Stingy grad schools

2010-08-06

in Economics, Geek stuff

The New York Times has an interesting article on the sad story of Jason Altom – a chemistry graduate student at Harvard who committed suicide, leaving notes that blamed the graduate supervision system for his suffering.

I was surprised by a few things in the article. I knew graduate students were expected to work long hours for little pay, but didn’t realize that meant $1000 a month for 60-80 hours of work a week. I would have expected schools like Harvard to at least pay enough to live with a bit of comfort.

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{ 3 comments… read them below or add one }

betsy August 6, 2010 at 10:05 pm

From my observation, the most prestigious schools are often the worst for taking advantage of grad students and post docs.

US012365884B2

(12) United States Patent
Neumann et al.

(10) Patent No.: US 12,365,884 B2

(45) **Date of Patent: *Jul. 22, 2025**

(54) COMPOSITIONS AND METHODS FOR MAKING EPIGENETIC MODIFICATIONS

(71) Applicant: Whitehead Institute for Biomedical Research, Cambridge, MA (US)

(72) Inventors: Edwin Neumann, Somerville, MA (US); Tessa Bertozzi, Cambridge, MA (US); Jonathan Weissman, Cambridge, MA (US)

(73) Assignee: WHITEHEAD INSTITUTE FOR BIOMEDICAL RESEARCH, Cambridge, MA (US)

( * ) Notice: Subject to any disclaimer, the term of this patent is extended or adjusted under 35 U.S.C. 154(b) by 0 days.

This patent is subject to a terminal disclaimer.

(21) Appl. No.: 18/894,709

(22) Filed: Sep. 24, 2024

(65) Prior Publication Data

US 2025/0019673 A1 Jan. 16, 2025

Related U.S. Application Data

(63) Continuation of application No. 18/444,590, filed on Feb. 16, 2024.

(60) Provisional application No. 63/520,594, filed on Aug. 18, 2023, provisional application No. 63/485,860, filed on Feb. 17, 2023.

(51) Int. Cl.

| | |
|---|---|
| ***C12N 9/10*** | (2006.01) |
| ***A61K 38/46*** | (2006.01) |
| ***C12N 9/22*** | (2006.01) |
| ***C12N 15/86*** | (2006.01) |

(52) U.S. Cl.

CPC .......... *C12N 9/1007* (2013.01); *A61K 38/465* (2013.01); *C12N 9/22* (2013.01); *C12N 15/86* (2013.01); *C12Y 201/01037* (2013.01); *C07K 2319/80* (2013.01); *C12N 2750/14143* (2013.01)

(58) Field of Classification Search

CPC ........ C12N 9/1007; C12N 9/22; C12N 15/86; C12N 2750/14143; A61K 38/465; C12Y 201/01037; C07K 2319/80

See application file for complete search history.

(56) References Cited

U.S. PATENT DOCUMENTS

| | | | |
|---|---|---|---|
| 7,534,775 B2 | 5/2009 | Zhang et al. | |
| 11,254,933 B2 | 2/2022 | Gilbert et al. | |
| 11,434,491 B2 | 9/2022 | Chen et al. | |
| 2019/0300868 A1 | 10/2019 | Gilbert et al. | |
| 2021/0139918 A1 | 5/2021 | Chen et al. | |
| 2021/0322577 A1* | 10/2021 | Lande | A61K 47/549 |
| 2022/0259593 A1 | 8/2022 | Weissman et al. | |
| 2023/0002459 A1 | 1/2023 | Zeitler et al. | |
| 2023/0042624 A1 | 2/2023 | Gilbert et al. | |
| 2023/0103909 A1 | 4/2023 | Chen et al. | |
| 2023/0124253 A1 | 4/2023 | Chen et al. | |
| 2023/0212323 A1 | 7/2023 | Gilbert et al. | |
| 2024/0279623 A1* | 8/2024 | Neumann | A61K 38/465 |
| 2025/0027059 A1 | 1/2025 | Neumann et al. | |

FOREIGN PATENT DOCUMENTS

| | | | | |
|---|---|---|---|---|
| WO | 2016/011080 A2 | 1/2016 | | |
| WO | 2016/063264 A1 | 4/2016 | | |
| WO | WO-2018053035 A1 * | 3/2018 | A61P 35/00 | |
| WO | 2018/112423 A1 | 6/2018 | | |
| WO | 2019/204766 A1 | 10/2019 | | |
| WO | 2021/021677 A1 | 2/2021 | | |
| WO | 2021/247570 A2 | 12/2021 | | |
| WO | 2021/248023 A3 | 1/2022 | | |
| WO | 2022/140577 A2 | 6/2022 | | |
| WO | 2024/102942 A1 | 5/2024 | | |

R.K. August 9, 2010 at 2:53 pm

The motivation behind this might be a bit similar to hazing. Today’s professors remember, in an exaggerated way, how they suffered as grad students and then impose those conditions on the people working for them now.

Antonia August 11, 2010 at 6:34 am

Rich schools know they can hold onto and still attract students despite such conditions. Poorer schools can’t afford the greater risk of putting people off.
The wealth of a school doesn’t mean it has spare money – its just spread over more, sometimes more expensive, demands and commitments (or sometimes tied to particular aims).

I don’t know the details of that case but grad students can do easily over 50 hours a week on their own studies and student work – the figure you give doesn’t say whether those are the job and study hours combined or what the proportion was. Having to work a job over and above (50hrs plus?) a week on studies is always going to have a serious impact.

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